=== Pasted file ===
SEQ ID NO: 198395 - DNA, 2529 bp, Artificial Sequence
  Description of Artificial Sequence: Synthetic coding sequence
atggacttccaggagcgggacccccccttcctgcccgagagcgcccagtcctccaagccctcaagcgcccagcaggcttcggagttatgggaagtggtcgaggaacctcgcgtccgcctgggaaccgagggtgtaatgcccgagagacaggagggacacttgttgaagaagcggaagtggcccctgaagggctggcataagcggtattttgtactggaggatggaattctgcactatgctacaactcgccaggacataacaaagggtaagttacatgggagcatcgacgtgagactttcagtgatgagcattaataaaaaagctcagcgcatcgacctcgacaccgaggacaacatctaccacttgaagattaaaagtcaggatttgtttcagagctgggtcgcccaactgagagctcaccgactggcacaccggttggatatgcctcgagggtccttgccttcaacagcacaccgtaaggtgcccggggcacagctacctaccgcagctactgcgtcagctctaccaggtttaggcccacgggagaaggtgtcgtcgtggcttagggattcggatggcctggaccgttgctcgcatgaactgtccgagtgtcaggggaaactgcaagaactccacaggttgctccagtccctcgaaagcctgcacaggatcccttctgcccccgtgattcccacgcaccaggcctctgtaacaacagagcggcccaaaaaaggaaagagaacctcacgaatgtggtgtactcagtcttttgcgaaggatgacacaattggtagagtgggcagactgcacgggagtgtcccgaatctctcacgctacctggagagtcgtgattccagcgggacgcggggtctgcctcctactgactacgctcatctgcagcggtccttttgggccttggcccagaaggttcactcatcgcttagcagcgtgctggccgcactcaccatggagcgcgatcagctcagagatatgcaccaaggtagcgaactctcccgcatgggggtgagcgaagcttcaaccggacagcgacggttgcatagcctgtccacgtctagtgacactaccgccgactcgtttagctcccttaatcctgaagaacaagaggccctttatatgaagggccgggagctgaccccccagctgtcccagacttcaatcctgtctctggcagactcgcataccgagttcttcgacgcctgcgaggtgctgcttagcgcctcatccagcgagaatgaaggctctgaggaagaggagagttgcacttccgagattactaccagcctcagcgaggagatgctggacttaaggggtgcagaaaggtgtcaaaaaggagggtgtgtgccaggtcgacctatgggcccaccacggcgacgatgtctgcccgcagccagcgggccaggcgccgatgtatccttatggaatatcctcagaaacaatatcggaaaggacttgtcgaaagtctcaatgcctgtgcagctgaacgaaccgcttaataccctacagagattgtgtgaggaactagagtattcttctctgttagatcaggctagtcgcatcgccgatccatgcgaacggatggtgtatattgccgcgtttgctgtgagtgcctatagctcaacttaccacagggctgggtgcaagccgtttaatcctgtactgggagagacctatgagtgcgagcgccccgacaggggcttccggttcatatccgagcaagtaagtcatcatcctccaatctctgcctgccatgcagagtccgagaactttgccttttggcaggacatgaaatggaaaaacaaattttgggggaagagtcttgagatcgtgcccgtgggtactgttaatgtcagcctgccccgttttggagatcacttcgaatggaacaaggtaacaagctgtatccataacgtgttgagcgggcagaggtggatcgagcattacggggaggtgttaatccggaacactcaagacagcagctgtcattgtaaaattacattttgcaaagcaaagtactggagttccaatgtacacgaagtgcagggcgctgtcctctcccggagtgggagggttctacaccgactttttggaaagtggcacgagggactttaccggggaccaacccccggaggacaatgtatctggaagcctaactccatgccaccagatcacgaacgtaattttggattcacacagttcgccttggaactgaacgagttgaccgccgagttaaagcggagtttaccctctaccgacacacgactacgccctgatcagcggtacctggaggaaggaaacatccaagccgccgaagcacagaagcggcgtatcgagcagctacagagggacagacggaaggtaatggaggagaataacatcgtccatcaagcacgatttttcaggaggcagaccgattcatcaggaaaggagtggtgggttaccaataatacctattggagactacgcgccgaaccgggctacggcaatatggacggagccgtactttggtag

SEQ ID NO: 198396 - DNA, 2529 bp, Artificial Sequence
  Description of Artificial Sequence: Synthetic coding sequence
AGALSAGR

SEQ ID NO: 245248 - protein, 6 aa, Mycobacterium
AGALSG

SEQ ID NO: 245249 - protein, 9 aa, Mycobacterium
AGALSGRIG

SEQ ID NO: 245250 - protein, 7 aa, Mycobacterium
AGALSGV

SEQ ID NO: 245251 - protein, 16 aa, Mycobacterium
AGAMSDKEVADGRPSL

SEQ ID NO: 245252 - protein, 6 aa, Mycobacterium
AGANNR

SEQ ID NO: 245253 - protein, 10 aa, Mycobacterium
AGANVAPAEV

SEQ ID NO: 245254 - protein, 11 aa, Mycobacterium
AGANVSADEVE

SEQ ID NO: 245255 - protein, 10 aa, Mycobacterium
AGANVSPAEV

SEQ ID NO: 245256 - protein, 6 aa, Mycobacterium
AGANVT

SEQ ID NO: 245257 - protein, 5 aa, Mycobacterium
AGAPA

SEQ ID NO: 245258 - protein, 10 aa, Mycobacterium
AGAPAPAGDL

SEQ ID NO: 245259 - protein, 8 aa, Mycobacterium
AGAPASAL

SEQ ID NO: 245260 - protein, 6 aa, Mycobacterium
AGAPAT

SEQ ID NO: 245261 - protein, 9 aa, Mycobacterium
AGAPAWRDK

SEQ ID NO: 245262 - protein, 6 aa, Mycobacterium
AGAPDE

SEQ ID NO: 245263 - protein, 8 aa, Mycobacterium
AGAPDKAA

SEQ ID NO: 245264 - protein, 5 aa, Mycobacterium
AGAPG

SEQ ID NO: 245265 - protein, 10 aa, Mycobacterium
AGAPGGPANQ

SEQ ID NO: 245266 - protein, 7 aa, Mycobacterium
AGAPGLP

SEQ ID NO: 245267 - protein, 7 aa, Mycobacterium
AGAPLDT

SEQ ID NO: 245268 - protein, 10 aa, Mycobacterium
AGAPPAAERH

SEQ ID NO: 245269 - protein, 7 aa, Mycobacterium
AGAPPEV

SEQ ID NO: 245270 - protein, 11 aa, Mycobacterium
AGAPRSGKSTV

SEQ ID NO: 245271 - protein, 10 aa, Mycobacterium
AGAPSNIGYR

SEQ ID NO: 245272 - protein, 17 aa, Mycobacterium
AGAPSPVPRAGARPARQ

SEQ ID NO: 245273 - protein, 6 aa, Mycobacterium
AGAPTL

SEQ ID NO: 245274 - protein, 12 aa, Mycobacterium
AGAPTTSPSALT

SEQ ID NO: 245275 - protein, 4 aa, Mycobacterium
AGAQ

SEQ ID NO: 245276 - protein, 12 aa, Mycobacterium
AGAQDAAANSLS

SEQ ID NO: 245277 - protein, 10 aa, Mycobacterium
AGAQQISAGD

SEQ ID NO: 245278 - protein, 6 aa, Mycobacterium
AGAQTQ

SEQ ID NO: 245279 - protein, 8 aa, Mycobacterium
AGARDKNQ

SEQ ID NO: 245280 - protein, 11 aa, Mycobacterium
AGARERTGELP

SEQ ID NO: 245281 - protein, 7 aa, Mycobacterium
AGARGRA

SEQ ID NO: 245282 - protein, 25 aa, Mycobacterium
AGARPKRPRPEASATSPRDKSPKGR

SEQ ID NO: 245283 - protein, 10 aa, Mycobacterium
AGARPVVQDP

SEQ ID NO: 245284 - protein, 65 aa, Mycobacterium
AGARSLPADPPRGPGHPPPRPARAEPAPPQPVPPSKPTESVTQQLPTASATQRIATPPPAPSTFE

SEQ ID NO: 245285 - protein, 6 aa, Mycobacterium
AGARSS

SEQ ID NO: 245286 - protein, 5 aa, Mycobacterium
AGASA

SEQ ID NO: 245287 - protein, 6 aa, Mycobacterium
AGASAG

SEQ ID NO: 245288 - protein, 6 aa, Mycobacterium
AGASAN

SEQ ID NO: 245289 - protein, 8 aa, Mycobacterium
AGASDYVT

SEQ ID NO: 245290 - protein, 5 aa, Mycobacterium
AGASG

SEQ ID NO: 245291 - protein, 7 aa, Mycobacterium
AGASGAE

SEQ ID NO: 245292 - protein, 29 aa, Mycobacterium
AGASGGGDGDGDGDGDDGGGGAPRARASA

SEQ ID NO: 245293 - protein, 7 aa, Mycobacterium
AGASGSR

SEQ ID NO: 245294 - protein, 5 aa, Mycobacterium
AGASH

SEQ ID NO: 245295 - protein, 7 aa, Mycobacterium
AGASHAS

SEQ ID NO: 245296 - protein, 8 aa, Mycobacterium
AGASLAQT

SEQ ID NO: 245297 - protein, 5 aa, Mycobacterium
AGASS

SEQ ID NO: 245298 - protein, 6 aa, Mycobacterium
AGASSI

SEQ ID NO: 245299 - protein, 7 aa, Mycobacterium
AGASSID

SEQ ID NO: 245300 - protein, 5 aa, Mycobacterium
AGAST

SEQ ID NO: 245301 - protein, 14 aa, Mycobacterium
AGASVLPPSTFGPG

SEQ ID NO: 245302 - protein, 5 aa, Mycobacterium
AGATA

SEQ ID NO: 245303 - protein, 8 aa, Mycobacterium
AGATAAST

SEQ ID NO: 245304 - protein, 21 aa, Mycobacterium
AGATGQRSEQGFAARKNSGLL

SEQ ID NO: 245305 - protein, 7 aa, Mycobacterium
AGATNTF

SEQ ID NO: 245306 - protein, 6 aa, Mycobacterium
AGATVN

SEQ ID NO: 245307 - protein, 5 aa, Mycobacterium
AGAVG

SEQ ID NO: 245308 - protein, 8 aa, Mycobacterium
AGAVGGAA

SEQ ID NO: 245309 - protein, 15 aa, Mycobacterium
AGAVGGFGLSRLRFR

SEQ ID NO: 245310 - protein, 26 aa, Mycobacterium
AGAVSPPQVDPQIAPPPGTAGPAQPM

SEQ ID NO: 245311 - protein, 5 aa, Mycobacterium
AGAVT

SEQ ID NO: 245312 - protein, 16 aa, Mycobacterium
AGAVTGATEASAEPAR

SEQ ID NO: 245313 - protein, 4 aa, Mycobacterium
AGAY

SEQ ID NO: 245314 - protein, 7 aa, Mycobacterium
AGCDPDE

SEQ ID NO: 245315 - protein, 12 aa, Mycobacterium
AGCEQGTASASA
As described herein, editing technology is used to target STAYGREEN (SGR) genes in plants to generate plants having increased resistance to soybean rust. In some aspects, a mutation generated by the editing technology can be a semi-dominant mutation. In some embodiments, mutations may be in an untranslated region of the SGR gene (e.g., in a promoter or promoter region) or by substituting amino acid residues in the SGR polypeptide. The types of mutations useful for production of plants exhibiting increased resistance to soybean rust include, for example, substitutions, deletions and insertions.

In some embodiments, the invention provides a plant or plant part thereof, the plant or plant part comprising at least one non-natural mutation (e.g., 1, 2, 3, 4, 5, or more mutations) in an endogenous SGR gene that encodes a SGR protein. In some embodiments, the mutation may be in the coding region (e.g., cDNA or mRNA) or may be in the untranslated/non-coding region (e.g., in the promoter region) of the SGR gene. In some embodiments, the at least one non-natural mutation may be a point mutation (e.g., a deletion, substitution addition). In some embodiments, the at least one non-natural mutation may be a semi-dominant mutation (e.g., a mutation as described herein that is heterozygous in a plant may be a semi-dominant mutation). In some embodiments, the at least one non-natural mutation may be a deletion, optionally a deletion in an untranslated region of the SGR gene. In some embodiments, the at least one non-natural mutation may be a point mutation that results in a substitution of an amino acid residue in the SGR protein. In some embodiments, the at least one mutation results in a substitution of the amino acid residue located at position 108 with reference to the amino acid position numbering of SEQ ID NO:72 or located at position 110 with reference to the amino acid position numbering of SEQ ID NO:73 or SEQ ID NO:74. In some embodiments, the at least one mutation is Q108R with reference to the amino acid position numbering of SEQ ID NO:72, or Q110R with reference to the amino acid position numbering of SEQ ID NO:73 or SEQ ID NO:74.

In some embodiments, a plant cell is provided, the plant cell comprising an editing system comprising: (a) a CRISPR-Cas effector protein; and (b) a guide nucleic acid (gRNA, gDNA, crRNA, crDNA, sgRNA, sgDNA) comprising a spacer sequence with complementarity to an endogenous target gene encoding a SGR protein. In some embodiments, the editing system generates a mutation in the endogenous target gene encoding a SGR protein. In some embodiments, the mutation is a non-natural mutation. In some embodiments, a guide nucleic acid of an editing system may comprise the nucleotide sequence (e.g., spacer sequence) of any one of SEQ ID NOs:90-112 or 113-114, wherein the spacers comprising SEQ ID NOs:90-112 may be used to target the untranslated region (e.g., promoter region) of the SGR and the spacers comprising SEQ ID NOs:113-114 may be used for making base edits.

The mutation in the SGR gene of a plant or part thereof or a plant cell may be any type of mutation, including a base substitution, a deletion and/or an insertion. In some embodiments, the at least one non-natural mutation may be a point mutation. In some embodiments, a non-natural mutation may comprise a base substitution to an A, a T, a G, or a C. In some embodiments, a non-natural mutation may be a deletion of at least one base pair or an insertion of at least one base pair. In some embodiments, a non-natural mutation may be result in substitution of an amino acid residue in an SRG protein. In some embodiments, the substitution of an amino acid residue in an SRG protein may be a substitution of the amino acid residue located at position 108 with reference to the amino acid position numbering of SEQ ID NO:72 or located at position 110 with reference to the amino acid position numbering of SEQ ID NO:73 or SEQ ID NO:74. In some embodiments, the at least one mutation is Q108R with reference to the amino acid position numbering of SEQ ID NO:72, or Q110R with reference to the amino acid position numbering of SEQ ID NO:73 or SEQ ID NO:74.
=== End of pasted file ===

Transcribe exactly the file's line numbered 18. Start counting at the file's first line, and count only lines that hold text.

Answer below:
AGANVAPAEV